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BIODS in search of better non-steroidal, non-acid antiinflammatory agents

January 12, 2019

Inflammation in the body occurs due to the cellular response of the immune system to damaged or injured tissues. The major symptoms of inflammation include increased blood flow, cellular influx, edema, elevated cellular metabolism, reactive oxygen species (ROS) nitric oxide (NO) and vasodilation. Dysregulation of this normally protective mechanism can cause serious illnesses including ulcerative colitis, Crohn's disease, rheumatoid arthritis, osteoarthritis, sepsis, and chronic pulmonary inflammation.

Researchers at the International Center for Chemical and Biological Sciences, University of Karachi, in collaboration with PCSIR Laboratories Complex performed synthetic transformations on diclofenac in search of better non-steroidal antiinflammatory drugs (NSAIDs), non-acidic, antiinflammatory agents. For this purpose, diclofenac derivatives (2-20) were synthesized from diclofenac (1). All derivatives (2-20) and parent diclofenac (1) were evaluated for their antiinflammatory effect using different parameters including suppression of intracellular reactive oxygen species (ROS), produced by whole blood phagocytes, produced by neutrophils, and inhibition of nitric oxide (NO) production from J774.2 macrophages. The most active compound also evaluated for cytotoxicity activity on NIH-3T3 cells. Compounds 1-4 in the study have been documented in previous studies while the subsequent compounds represent new derivatives.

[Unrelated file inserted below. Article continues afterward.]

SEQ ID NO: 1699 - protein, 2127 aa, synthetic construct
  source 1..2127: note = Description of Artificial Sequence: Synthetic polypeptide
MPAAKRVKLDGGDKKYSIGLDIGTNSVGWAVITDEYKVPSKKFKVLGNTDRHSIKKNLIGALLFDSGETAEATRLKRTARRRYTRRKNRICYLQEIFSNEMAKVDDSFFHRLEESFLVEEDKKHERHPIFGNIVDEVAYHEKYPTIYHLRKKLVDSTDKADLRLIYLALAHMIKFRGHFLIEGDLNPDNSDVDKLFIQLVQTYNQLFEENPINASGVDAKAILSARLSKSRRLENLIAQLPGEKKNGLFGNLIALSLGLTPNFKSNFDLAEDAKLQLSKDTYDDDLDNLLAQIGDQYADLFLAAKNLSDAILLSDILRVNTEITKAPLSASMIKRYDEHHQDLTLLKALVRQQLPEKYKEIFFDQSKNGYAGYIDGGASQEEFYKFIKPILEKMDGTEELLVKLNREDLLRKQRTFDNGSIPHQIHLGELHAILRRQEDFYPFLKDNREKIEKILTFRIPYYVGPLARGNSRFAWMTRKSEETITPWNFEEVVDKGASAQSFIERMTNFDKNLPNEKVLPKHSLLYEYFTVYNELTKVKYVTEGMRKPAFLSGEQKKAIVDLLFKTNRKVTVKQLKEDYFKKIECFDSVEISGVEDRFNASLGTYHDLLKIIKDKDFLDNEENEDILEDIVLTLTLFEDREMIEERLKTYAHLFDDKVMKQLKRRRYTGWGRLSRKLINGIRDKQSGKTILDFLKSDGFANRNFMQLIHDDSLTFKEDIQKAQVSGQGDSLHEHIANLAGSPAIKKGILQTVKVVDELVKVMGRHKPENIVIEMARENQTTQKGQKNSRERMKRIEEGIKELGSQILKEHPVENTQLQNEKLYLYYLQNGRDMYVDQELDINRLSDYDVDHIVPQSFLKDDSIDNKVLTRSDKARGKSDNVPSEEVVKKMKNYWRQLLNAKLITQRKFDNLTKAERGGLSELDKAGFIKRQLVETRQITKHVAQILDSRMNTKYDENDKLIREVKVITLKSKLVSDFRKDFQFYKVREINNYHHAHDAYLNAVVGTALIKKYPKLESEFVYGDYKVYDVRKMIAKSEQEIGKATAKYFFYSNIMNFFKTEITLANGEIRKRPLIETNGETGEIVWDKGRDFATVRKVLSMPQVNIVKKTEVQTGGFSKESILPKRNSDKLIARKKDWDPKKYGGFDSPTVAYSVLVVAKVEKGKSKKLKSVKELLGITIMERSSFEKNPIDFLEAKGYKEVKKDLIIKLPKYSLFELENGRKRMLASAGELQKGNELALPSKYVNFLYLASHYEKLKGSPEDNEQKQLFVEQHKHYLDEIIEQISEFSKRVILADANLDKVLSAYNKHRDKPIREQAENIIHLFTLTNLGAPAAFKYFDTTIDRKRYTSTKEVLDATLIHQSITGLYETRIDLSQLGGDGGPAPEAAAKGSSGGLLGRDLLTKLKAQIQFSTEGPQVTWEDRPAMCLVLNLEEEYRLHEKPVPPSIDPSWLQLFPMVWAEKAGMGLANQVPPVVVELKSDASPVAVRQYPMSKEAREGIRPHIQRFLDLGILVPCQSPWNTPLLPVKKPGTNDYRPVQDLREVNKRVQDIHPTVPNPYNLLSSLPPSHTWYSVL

The researchers found five bioactive derivatives. Compound 5 (2-(5-(2-(2,6-Dichlorophenylamino)benzyl)-2-thioxo-1,3,4-oxadiazol-3(2H)-yl)-1-phenylethanone) was found to be the most potent inhibitor of ROS and NO compared to parent diclofenac 1 and standard drugs ibuprofen and L-NMMA, respectively. The most active compounds 1, 4, 5, 11 and 20 were found to be non-toxic on NIH-3T3 cells. Compound 4, 5, and 20 also showed good antiinflammatory potential, compound 11 and 16 showed moderate and low level of inhibition, respectively. Therefore, there is some potential to improve existing anti-inflammatory medications through synthesizing and testing new derivatives.
The article is open access till 31st January 2018. To obtain the article, please visit:

Bentham Science Publishers

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